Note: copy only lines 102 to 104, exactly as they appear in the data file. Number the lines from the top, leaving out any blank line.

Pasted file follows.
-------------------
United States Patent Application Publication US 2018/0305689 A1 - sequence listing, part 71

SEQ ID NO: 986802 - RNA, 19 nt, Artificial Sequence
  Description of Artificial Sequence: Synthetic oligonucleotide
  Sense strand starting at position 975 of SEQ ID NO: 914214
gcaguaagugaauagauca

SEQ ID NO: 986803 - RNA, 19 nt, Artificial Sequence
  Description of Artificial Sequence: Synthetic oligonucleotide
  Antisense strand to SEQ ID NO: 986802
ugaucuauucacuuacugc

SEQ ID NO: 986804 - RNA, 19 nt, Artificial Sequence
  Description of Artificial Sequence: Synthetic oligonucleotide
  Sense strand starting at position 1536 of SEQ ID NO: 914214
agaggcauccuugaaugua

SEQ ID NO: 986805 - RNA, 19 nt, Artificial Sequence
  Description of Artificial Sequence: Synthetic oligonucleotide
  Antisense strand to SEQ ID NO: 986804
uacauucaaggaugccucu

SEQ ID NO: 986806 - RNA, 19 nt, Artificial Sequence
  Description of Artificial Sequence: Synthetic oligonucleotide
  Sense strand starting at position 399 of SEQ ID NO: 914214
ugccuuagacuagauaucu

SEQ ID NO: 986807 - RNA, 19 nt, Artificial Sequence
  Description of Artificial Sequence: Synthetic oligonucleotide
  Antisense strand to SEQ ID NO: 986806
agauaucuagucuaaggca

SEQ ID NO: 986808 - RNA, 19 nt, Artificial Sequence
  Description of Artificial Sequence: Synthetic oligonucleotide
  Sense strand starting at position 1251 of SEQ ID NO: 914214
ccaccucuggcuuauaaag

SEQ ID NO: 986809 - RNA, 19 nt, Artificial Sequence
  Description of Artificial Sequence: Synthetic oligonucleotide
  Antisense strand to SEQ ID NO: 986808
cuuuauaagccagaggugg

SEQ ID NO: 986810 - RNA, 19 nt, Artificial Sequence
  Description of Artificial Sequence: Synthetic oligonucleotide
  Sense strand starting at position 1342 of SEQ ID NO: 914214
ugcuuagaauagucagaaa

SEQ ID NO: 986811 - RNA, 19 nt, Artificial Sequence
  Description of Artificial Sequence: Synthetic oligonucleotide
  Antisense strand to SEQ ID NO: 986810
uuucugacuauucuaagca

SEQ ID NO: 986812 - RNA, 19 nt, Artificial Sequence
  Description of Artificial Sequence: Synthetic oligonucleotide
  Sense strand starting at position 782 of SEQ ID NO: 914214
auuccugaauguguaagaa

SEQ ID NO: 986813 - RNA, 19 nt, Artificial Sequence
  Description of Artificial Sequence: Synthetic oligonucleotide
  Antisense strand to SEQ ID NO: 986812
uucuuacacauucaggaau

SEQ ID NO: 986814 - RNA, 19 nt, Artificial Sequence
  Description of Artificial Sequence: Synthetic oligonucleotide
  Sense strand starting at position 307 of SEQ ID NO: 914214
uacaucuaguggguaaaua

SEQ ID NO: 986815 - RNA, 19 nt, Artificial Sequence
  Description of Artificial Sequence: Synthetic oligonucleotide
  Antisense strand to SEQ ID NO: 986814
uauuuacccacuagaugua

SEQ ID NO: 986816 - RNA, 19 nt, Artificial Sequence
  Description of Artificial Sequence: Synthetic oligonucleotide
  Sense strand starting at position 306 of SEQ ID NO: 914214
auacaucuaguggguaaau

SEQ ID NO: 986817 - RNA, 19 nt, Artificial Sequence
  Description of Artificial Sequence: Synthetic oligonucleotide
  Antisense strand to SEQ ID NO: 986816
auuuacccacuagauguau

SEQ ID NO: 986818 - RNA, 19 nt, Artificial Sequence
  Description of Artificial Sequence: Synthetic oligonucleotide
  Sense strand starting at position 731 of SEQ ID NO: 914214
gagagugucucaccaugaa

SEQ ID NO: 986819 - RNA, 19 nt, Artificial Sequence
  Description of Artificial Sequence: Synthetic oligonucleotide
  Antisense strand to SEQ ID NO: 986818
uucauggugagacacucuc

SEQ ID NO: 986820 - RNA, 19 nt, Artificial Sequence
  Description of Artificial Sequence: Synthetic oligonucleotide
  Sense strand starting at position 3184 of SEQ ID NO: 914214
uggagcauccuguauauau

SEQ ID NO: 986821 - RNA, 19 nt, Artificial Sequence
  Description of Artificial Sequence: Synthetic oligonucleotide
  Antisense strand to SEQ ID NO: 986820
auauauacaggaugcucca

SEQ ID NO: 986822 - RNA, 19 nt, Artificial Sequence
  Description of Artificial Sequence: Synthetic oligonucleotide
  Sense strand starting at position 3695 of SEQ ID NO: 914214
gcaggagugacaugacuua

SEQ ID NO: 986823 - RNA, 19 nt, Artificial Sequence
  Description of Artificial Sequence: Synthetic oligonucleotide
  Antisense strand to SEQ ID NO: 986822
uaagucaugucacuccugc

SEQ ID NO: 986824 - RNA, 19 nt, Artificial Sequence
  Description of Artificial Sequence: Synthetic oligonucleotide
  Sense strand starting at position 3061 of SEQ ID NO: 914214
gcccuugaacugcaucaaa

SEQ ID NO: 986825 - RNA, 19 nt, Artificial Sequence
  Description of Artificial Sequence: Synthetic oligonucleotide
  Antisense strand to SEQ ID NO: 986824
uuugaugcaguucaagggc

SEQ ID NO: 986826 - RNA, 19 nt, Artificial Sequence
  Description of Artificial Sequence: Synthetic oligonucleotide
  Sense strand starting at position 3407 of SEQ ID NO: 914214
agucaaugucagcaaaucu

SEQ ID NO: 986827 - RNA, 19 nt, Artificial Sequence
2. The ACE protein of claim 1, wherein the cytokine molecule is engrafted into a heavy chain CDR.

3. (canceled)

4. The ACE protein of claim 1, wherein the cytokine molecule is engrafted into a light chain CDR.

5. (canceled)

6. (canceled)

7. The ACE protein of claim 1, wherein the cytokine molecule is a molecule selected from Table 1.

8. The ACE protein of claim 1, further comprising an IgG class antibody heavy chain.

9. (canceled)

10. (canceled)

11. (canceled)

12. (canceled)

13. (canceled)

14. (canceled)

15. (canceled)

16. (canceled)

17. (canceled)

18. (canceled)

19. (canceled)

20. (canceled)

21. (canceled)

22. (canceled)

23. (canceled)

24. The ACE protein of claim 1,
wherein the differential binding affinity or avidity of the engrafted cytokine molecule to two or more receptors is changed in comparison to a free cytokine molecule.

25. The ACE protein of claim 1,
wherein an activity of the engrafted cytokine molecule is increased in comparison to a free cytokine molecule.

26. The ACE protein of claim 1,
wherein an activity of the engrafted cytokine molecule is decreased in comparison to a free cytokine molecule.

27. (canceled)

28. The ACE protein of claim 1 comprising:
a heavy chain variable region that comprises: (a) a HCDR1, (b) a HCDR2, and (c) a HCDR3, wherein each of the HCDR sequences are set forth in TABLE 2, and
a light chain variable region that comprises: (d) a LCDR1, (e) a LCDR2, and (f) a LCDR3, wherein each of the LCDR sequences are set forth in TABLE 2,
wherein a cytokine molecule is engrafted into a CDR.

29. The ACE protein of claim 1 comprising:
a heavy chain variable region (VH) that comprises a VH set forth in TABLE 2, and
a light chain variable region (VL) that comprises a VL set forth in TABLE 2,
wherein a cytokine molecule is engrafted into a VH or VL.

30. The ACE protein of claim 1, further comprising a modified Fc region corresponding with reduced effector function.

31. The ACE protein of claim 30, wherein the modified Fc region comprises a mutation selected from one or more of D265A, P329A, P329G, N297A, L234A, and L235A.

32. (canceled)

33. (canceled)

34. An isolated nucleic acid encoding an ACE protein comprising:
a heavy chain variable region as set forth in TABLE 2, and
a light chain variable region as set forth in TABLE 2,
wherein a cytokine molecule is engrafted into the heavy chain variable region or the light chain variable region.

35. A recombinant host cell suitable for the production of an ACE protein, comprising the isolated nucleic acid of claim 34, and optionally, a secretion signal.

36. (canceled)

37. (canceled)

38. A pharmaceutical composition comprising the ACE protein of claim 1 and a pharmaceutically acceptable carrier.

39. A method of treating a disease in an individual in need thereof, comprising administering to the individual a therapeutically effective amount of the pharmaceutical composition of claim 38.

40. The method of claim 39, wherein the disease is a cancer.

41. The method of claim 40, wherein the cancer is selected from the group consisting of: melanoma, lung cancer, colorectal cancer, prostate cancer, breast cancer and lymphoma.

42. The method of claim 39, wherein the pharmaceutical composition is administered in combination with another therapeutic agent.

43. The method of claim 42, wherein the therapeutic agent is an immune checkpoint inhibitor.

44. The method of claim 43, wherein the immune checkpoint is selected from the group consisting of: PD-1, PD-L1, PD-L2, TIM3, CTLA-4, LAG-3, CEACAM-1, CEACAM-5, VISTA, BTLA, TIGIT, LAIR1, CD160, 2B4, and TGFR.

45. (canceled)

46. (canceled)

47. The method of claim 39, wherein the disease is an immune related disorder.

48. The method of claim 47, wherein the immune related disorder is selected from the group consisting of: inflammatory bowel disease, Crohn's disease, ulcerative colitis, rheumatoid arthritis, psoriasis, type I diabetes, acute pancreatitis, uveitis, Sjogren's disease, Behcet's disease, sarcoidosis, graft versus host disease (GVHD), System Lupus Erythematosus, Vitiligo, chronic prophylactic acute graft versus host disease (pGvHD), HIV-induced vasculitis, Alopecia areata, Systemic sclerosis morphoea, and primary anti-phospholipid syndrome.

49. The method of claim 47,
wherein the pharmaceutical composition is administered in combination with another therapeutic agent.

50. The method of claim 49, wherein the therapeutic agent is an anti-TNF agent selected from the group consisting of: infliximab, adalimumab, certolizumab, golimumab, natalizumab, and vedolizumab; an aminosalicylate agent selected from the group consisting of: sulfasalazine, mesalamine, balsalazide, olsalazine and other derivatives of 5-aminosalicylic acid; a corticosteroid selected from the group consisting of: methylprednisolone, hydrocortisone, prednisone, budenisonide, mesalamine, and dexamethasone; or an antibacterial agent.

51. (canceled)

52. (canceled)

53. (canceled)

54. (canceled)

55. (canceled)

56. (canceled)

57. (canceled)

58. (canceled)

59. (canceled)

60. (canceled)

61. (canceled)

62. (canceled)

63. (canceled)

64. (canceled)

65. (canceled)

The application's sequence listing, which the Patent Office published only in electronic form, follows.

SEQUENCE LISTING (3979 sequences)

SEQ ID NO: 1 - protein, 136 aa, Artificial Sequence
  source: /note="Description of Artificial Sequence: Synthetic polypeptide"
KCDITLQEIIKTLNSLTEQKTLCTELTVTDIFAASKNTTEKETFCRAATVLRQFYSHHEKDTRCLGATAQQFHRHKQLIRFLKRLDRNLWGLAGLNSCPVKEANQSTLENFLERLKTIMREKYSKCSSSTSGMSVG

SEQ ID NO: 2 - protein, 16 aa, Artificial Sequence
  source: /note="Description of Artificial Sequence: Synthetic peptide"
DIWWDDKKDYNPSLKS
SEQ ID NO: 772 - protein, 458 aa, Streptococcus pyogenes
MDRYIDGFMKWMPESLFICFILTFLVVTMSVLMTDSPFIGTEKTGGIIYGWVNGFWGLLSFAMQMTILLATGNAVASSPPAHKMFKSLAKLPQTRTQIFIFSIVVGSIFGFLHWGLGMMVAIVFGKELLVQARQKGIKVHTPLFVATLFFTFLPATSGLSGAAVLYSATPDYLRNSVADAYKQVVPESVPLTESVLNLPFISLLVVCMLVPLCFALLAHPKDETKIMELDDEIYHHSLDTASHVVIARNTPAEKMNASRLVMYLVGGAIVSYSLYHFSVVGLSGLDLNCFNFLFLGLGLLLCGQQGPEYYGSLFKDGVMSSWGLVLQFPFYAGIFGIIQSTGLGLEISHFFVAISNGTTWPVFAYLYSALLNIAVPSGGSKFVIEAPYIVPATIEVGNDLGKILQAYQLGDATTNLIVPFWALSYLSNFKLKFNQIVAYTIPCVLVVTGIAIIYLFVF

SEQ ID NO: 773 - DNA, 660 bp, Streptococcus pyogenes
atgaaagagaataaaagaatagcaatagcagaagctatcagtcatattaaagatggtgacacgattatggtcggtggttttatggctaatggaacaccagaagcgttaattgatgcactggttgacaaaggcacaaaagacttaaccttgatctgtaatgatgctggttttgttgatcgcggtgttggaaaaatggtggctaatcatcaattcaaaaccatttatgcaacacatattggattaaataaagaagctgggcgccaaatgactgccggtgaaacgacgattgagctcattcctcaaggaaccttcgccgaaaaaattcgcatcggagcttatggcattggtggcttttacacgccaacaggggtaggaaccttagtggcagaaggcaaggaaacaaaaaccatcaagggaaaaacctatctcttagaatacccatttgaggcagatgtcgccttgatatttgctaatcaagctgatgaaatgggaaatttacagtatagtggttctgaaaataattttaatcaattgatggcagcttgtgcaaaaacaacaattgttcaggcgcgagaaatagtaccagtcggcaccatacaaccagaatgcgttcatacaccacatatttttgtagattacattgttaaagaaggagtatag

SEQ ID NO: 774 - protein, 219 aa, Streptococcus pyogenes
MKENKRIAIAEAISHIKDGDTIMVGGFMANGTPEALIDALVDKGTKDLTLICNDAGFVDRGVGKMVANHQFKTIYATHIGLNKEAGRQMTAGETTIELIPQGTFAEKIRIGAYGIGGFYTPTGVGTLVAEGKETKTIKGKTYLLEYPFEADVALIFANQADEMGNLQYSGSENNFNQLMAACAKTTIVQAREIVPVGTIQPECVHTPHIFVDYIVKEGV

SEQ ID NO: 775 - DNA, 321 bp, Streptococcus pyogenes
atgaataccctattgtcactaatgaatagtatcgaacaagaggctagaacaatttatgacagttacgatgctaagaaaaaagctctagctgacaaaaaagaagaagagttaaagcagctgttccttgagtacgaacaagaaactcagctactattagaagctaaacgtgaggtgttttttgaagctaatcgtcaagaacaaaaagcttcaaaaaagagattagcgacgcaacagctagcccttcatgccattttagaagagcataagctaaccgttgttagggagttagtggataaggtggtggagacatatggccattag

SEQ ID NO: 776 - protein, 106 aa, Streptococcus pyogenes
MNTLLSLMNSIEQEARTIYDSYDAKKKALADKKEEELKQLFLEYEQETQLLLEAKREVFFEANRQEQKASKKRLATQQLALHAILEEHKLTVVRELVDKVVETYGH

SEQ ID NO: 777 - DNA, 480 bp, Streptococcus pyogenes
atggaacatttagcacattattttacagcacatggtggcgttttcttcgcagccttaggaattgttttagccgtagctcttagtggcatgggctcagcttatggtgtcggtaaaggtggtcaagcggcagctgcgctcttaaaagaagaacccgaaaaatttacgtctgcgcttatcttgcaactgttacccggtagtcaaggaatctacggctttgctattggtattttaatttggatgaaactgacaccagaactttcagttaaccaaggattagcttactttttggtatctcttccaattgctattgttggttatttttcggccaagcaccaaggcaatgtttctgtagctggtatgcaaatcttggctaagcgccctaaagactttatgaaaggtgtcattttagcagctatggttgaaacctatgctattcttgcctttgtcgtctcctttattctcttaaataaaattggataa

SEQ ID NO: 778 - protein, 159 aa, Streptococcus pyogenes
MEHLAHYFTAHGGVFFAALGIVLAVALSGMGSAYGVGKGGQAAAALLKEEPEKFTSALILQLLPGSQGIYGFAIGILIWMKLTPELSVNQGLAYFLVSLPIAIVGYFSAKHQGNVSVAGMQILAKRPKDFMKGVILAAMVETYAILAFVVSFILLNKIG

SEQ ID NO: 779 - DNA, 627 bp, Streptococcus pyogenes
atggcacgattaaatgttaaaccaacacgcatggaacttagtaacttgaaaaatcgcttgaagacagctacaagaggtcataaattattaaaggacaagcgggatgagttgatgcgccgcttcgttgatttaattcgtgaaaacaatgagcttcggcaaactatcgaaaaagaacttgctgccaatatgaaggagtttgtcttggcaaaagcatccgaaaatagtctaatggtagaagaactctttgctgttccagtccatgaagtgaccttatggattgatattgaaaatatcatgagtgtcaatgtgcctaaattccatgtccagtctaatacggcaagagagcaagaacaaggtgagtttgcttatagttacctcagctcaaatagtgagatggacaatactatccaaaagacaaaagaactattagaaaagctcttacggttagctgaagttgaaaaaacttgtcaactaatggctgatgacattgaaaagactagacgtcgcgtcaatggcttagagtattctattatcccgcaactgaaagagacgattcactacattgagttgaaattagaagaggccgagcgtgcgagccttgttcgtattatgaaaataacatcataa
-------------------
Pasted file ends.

SEQ ID NO: 986827 - RNA, 19 nt, Artificial Sequence
2. The ACE protein of claim 1, wherein the cytokine molecule is engrafted into a heavy chain CDR.

3. (canceled)